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NGC 404, Mirach's Ghost, Galaxy in Andromeda

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NGC 404 is classified as a lenticular galaxy, one that somewhere between a spiral galaxy and an elliptical galaxy. It appears as a round glow with a much brighter center when viewed through a telescope at medium to high power. It is very easy to find because it is so close to the bright star Mirach (both seen in the picture here). Despite the presence of the bright star, the 10th magnitude galaxy is surprisingly easy to see through a telescope of medium or large aperture. The galaxy is about 10 million light years away.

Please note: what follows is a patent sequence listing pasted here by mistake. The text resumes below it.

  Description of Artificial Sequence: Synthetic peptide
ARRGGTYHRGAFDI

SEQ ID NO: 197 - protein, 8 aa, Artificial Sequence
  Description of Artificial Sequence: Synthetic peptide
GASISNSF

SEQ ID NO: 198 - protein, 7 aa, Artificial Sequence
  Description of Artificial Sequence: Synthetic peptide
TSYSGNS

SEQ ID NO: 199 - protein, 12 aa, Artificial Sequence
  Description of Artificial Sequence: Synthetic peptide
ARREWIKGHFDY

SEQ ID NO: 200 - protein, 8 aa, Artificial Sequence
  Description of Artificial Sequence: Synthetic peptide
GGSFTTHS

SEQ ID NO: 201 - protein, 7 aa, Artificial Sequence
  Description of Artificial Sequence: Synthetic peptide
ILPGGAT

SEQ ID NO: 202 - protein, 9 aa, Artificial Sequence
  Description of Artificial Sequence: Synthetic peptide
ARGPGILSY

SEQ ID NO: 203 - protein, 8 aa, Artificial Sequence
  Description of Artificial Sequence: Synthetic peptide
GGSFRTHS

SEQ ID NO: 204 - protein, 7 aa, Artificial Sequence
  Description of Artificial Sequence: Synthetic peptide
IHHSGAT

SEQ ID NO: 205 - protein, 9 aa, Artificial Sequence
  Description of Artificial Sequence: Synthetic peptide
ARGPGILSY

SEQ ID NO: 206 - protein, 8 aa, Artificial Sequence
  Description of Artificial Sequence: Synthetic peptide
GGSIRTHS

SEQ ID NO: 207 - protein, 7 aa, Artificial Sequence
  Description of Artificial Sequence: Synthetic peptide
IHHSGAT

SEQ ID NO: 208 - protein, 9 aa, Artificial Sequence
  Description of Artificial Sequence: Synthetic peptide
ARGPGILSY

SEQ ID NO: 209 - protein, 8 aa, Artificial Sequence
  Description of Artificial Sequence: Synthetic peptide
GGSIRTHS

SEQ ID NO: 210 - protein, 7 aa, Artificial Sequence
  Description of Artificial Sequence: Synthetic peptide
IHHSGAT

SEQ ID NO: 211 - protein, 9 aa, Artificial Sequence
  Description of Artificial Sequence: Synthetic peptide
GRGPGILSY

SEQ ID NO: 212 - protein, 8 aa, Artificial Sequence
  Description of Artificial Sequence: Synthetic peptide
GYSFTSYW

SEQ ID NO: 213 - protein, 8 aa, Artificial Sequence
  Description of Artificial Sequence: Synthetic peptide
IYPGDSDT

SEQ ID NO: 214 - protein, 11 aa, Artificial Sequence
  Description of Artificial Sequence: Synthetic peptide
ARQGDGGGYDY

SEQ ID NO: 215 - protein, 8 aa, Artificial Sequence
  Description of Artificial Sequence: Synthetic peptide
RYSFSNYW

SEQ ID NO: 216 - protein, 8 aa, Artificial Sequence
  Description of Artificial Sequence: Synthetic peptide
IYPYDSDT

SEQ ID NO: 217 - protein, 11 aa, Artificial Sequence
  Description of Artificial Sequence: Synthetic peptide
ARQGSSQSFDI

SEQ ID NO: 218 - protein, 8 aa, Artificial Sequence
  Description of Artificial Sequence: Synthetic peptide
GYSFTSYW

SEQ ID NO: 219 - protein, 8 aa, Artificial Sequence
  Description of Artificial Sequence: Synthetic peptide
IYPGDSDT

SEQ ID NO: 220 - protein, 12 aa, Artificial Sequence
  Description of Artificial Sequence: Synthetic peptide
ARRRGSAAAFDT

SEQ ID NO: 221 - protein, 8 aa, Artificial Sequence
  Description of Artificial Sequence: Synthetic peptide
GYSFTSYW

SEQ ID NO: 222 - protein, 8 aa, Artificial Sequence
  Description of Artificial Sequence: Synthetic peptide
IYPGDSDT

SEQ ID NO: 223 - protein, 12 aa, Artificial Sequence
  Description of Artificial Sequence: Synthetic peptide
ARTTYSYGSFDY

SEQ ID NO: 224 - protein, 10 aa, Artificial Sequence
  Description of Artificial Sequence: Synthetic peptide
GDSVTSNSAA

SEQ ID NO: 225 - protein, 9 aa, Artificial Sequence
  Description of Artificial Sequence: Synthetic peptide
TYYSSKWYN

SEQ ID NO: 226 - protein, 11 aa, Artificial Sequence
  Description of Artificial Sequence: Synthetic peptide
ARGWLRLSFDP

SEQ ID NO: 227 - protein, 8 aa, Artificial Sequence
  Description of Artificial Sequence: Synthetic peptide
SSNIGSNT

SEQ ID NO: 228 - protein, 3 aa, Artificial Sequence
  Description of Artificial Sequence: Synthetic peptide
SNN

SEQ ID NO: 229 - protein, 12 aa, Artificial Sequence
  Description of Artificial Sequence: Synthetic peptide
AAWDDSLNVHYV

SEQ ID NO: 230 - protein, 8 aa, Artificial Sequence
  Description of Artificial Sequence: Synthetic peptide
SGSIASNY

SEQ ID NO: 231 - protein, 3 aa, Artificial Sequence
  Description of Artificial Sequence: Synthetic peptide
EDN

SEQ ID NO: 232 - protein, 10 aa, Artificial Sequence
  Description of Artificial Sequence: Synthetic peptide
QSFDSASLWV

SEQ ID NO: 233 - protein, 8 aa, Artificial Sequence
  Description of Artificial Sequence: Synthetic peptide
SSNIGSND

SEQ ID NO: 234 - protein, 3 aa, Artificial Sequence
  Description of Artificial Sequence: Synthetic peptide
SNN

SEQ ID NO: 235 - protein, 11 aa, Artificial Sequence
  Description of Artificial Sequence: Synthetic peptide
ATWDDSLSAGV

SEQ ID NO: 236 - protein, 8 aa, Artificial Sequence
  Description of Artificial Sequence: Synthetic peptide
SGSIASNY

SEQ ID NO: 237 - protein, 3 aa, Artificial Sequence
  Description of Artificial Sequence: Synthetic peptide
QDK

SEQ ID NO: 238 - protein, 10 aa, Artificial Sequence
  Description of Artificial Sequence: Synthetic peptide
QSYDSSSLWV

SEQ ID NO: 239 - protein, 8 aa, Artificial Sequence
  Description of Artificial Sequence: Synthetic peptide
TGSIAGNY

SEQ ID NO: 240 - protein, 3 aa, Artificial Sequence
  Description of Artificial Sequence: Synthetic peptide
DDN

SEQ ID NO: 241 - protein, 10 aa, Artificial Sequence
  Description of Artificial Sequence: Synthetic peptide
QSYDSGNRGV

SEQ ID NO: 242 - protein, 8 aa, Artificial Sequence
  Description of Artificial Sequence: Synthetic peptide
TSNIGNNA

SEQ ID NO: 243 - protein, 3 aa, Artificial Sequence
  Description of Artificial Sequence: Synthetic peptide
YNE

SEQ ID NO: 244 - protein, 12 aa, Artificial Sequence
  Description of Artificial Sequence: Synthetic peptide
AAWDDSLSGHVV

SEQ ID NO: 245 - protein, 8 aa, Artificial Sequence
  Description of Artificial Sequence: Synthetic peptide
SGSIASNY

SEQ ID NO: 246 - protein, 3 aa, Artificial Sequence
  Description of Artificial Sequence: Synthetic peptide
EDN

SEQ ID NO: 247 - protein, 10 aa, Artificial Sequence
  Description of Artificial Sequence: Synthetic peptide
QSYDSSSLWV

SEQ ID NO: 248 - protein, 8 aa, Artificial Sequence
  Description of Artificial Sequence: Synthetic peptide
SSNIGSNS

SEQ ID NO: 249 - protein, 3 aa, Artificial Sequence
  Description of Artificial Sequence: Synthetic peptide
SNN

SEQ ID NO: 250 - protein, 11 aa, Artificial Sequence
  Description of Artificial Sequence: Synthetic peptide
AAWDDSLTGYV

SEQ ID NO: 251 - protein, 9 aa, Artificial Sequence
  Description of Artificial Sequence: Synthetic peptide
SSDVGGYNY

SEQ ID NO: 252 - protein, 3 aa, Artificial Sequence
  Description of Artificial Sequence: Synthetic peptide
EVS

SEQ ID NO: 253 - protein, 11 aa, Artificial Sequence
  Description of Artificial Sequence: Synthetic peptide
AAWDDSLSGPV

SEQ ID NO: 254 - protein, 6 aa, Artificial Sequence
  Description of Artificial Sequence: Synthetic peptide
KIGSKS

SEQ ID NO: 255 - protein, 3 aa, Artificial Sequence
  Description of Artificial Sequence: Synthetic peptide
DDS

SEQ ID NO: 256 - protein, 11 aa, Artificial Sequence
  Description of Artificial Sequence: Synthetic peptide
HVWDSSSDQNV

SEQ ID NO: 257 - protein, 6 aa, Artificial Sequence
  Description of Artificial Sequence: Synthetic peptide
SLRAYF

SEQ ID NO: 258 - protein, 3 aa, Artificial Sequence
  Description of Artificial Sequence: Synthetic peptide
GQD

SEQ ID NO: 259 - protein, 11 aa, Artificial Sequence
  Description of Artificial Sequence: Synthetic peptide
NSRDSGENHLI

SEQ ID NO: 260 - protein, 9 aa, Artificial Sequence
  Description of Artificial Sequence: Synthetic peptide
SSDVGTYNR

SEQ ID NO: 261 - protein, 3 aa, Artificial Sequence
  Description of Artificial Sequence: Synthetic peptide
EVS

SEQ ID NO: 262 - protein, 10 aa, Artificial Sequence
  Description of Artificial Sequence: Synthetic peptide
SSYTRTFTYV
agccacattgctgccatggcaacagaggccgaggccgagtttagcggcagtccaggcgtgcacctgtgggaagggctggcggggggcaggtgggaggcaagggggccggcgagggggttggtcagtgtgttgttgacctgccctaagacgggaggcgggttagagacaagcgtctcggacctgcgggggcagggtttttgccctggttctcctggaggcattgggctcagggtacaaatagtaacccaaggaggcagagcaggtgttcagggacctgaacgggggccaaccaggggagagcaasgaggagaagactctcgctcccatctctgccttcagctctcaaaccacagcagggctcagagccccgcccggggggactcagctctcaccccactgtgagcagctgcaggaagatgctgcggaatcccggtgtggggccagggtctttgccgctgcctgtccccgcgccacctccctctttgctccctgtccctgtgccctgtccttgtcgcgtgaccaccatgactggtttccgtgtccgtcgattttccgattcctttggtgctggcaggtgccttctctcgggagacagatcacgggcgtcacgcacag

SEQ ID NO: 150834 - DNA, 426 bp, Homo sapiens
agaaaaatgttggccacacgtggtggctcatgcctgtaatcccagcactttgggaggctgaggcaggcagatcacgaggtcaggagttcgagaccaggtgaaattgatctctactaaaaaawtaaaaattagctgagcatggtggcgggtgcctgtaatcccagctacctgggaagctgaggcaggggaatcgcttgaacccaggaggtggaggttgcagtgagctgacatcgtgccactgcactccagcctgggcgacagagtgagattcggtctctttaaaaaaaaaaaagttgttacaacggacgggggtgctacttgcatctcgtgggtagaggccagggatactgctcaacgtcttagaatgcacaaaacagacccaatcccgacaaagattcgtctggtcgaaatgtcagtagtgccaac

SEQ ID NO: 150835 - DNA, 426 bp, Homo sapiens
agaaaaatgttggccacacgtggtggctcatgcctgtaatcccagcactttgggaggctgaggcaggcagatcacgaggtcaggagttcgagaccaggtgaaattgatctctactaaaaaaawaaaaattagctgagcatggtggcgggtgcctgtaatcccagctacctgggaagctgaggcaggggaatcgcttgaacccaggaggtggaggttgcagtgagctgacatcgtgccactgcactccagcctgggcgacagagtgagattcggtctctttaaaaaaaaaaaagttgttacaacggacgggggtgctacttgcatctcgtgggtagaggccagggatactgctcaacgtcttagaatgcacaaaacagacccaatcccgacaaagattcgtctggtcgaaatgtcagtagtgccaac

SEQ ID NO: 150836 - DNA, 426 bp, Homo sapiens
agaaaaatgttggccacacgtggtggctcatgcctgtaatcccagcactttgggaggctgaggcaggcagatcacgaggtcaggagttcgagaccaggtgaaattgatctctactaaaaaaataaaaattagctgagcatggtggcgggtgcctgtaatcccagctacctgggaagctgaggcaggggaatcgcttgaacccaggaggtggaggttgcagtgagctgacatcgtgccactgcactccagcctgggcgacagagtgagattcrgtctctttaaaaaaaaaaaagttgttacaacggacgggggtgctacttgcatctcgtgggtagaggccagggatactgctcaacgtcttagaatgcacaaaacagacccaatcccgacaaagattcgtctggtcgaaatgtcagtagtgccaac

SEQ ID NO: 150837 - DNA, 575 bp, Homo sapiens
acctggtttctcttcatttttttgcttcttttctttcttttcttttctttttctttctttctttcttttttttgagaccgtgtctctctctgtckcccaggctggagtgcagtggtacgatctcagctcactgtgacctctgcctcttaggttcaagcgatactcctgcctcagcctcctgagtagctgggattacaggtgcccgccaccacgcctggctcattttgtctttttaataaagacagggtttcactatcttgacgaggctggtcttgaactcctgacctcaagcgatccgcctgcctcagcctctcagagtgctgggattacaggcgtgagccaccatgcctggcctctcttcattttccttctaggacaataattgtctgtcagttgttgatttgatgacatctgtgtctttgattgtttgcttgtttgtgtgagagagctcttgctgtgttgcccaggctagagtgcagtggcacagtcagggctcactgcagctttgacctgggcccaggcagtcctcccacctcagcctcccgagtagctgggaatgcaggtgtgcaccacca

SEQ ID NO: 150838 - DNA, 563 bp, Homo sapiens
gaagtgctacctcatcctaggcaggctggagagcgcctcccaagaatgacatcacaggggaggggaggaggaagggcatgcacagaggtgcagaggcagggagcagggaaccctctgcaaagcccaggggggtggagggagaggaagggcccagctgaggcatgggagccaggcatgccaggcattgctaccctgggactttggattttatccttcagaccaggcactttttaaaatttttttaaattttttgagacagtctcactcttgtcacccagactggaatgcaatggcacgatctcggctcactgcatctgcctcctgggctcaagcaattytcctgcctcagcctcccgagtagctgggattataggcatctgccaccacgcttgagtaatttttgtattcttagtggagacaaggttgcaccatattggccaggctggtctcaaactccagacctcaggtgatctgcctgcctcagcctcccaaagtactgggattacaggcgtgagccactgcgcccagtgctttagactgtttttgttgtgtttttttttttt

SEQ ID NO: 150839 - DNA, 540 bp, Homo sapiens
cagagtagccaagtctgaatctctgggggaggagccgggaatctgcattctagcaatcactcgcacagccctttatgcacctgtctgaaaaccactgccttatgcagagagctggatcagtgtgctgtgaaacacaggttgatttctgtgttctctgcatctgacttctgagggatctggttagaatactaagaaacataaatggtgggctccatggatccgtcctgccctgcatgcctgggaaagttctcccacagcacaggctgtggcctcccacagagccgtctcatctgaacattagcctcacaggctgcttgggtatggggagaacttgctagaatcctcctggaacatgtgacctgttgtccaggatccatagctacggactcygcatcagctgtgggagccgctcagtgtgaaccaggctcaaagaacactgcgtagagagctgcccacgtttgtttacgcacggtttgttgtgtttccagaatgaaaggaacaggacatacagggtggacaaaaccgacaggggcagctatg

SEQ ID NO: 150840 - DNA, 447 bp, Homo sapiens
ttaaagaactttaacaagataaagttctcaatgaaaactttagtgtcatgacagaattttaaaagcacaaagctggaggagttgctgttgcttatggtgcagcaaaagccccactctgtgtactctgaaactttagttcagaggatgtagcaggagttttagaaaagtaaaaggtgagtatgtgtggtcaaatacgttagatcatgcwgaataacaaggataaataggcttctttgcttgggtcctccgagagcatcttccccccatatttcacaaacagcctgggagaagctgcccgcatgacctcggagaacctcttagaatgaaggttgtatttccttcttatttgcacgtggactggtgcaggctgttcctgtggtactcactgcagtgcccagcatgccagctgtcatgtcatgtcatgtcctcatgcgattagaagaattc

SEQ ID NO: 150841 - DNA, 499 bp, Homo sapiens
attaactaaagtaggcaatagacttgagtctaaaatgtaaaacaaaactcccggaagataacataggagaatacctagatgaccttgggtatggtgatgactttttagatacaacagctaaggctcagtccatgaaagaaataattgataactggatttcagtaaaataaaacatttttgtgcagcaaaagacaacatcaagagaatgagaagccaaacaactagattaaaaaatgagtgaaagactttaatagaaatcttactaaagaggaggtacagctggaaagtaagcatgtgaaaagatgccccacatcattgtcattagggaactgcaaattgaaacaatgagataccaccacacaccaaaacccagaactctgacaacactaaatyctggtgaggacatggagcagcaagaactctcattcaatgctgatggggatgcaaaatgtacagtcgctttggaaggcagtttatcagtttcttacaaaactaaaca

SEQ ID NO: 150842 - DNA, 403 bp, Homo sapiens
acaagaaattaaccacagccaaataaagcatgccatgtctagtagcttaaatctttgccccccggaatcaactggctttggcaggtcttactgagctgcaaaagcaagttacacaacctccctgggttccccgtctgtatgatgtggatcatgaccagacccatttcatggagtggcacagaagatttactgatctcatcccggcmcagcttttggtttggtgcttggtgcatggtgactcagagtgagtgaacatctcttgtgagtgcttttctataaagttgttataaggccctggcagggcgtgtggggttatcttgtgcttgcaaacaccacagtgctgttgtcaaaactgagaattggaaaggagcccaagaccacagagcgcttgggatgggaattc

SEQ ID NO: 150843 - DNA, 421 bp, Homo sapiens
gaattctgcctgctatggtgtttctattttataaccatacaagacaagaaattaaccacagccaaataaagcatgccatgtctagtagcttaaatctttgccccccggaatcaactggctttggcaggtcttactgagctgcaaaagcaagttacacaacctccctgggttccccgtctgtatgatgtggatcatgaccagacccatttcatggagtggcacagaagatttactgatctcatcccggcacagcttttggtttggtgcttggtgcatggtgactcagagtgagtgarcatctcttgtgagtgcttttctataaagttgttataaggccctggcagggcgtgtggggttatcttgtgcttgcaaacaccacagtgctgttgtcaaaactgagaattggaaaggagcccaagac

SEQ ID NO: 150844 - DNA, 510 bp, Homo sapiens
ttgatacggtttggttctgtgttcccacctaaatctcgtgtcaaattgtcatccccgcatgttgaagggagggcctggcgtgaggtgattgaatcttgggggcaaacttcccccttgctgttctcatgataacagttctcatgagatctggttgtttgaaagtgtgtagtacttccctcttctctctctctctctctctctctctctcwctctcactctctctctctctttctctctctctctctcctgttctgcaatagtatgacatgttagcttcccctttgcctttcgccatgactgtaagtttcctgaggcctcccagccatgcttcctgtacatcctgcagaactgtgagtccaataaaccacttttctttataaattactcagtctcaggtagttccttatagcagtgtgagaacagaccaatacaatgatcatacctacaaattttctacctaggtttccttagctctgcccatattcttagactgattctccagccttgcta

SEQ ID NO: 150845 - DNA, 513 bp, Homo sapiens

Evening visibility: September-February
Best viewed with: telescope
  Printable chart (pdf) View larger image
Start by finding the Great Square of Pegasus, which is rises in the eastern sky during the early fall evenings, is high overhead later in the fall, and sinks in the western sky during early winter. To be sure you know how the square is oriented in the sky, look for the two stars outside the northwest corner of the square (circled in the chart below) that form a small triangle with Scheat.

The constellation Andromeda stretches to the northeast from the Great Square, starting at the second-magnitude star Alpheratz. Using the naked eye, look to the east of Alpheratz for the star delta (δ) Andromedae, then move on to the brighter star Mirach. NGC 404 is just 7 arcminutes (about 1/10 of a degree) northeast of Mirach, so the bright star and dim galaxy should be visible together through a telescope, even at high magnification. To avoid the glare of Mirach, you can put it just outside the field of view.
Star charts created with Cartes du Ciel